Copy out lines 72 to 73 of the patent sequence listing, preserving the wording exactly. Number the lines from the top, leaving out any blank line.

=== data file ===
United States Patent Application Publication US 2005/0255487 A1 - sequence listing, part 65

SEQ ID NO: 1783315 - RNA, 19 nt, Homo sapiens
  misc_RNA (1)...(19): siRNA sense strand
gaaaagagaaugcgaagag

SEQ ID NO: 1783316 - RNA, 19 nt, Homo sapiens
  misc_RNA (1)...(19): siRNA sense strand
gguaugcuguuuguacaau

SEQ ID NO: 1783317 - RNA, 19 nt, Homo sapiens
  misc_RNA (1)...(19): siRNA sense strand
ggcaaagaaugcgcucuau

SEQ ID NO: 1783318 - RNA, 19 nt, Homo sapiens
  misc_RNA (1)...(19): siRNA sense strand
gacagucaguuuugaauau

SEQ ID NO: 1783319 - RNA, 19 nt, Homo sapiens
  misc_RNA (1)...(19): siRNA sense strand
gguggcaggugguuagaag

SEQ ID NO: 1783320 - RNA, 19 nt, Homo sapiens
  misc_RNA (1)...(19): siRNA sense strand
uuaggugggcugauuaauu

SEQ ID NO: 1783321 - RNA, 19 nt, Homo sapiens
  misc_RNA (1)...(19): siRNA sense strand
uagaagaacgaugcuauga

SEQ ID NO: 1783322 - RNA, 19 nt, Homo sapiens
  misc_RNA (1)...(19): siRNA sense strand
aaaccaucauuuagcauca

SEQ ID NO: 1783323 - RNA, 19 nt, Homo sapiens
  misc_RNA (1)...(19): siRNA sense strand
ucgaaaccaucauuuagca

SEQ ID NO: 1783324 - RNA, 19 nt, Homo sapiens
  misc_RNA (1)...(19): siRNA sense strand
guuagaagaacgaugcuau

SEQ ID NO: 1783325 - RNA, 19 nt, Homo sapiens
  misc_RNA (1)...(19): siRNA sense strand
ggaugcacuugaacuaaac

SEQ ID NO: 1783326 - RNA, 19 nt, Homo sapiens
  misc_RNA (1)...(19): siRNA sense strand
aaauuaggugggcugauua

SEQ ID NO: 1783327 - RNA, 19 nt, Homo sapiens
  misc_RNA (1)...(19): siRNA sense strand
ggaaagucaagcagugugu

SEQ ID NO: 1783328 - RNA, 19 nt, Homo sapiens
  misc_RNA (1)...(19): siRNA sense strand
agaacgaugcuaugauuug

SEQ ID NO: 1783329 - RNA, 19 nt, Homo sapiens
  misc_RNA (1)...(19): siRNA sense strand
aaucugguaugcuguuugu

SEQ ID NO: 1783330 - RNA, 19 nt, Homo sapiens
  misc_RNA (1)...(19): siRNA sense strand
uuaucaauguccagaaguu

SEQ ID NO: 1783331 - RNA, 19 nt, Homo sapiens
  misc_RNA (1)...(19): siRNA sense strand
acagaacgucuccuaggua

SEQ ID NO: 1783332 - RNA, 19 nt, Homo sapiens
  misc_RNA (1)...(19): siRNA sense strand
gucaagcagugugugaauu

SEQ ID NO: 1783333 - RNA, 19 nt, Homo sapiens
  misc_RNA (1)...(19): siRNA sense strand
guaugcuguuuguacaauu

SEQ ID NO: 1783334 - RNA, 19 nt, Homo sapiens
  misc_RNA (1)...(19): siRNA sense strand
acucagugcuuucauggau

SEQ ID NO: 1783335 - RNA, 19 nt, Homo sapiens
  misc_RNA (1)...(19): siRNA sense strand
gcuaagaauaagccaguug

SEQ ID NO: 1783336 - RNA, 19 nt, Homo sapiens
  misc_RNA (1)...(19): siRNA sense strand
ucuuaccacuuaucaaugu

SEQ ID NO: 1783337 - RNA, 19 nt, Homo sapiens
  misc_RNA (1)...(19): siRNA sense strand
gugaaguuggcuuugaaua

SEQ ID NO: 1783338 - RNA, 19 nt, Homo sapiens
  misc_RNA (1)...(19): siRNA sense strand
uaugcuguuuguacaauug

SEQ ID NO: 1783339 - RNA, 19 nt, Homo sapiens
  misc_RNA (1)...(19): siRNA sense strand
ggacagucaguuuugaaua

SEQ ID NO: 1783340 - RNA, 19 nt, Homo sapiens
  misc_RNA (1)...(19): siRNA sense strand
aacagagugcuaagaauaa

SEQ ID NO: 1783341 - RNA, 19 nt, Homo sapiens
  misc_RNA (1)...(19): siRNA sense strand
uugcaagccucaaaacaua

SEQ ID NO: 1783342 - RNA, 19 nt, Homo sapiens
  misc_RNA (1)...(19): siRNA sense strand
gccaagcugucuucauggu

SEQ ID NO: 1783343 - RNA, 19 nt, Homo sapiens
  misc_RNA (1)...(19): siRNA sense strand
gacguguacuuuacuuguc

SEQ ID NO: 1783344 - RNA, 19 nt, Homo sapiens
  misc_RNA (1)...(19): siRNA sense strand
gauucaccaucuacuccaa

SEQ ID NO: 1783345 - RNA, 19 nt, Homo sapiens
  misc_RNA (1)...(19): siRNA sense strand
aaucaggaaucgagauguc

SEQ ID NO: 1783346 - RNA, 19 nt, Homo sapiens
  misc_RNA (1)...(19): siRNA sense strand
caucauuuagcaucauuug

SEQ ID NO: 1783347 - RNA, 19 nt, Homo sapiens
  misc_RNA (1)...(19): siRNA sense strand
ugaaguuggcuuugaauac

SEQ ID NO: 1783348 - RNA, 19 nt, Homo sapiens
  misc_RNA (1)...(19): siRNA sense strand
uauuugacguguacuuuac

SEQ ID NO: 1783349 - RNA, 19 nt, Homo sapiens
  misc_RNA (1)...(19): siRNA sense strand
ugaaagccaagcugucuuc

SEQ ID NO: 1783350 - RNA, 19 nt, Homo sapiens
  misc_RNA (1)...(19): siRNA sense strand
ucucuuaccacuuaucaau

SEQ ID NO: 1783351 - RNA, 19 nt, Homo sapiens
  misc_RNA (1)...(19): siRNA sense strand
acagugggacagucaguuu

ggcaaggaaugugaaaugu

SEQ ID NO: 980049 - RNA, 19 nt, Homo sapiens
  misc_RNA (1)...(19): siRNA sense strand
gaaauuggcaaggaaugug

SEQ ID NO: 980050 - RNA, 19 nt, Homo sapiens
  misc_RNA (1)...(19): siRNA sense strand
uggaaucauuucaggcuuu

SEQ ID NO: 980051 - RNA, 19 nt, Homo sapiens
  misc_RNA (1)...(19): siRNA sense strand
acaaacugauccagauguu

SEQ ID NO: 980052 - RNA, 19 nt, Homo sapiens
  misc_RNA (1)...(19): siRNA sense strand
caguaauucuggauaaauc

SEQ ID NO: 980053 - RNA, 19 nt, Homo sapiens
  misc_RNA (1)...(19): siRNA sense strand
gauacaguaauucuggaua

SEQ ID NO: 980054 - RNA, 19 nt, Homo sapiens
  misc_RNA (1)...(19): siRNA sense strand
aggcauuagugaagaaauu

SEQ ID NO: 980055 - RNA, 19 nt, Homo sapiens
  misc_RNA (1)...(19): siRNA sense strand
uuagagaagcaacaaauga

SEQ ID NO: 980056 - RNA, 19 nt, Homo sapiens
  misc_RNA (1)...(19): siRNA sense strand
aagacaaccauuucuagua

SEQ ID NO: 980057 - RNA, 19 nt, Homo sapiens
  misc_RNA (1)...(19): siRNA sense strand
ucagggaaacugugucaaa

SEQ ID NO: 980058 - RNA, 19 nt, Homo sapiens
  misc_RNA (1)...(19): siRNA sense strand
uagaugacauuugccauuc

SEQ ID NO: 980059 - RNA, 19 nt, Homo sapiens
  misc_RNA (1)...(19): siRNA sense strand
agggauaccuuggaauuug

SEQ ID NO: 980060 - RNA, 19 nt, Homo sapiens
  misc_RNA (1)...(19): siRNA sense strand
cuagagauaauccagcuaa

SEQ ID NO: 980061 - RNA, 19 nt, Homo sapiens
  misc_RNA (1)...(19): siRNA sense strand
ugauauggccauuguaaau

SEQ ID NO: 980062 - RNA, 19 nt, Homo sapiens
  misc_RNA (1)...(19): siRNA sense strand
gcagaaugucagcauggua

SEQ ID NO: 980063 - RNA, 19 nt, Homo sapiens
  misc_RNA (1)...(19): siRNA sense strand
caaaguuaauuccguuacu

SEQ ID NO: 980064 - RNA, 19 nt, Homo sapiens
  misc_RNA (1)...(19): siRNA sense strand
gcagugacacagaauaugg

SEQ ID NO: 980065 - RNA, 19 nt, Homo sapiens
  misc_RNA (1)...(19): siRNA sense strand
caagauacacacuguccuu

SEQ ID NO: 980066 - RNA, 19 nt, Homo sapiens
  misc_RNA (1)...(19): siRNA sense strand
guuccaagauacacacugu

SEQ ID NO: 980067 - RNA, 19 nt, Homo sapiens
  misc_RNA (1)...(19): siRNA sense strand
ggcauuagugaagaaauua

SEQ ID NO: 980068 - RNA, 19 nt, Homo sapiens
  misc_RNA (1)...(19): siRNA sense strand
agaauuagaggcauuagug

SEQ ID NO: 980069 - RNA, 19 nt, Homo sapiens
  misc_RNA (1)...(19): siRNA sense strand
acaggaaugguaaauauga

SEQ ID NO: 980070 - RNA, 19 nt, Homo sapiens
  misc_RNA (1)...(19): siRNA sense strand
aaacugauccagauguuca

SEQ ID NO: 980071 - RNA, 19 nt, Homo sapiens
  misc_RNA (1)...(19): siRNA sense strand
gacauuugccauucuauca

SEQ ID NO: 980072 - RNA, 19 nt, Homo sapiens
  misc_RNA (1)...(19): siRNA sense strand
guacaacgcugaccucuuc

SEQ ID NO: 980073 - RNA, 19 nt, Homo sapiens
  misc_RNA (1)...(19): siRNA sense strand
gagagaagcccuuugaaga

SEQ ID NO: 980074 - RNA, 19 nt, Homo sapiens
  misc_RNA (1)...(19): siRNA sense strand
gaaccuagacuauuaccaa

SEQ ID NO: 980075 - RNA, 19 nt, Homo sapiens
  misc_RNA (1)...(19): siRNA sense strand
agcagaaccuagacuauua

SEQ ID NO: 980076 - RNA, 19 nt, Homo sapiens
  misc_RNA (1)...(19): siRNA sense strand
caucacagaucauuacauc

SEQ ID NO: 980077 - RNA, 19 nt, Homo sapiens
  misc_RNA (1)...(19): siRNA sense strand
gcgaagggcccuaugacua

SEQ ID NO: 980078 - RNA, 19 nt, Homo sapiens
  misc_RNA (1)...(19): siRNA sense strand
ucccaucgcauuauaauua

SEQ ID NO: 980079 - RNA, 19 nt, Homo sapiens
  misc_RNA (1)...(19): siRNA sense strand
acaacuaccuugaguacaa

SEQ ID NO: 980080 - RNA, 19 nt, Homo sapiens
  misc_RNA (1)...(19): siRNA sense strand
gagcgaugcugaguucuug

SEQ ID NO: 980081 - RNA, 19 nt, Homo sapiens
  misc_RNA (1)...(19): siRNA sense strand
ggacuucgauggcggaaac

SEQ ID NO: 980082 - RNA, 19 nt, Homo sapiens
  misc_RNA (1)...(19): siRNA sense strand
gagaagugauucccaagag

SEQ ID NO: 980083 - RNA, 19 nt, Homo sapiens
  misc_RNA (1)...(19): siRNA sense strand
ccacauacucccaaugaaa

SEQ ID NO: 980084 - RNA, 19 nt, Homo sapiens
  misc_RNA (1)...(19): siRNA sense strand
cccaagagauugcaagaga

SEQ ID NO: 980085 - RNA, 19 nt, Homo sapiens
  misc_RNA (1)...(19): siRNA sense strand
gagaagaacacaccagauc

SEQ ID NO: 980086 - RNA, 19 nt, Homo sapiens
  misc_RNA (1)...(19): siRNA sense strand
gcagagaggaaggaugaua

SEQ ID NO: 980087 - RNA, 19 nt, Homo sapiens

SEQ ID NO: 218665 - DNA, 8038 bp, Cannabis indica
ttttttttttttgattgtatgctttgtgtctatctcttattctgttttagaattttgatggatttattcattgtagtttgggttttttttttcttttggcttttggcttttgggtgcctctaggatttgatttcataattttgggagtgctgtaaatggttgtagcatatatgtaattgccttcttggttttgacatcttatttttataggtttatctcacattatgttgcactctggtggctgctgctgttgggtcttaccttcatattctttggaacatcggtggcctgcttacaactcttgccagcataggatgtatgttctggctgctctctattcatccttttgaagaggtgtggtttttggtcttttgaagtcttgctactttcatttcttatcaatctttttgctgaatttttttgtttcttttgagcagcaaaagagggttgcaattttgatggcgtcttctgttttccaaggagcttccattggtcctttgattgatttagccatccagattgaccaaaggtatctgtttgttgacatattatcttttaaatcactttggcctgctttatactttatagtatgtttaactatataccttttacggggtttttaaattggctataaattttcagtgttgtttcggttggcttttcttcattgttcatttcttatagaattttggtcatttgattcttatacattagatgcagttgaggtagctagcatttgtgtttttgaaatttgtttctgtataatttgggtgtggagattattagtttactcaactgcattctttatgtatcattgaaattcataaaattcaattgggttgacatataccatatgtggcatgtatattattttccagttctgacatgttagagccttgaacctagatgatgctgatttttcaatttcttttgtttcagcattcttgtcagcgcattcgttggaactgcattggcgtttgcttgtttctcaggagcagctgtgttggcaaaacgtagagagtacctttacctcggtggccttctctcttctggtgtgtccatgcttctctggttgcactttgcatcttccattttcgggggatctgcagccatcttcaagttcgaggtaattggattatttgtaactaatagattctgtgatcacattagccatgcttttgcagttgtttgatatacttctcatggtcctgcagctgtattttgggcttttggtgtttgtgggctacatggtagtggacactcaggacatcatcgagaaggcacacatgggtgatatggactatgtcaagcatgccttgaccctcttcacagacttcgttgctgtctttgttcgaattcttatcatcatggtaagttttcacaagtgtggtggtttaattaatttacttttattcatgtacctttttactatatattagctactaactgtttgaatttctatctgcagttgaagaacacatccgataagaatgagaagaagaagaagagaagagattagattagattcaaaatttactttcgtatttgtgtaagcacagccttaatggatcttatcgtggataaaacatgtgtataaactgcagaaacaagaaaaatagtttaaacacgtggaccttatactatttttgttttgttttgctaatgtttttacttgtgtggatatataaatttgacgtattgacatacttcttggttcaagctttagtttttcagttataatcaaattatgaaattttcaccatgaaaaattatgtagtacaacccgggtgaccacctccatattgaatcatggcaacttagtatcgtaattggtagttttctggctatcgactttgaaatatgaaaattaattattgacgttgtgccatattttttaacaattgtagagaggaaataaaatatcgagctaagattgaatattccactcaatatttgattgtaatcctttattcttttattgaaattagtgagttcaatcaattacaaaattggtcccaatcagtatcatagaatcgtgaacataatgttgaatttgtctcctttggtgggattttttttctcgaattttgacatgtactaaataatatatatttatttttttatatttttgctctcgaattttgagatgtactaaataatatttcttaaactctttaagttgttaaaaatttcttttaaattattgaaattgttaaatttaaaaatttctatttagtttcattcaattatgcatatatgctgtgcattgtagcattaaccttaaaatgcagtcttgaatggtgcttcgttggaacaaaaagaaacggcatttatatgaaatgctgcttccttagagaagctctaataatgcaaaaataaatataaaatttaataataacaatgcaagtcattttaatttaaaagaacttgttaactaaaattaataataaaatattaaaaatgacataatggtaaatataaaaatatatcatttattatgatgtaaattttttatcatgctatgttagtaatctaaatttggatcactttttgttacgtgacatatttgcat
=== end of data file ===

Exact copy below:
  misc_RNA (1)...(19): siRNA sense strand
uaugcuguuuguacaauug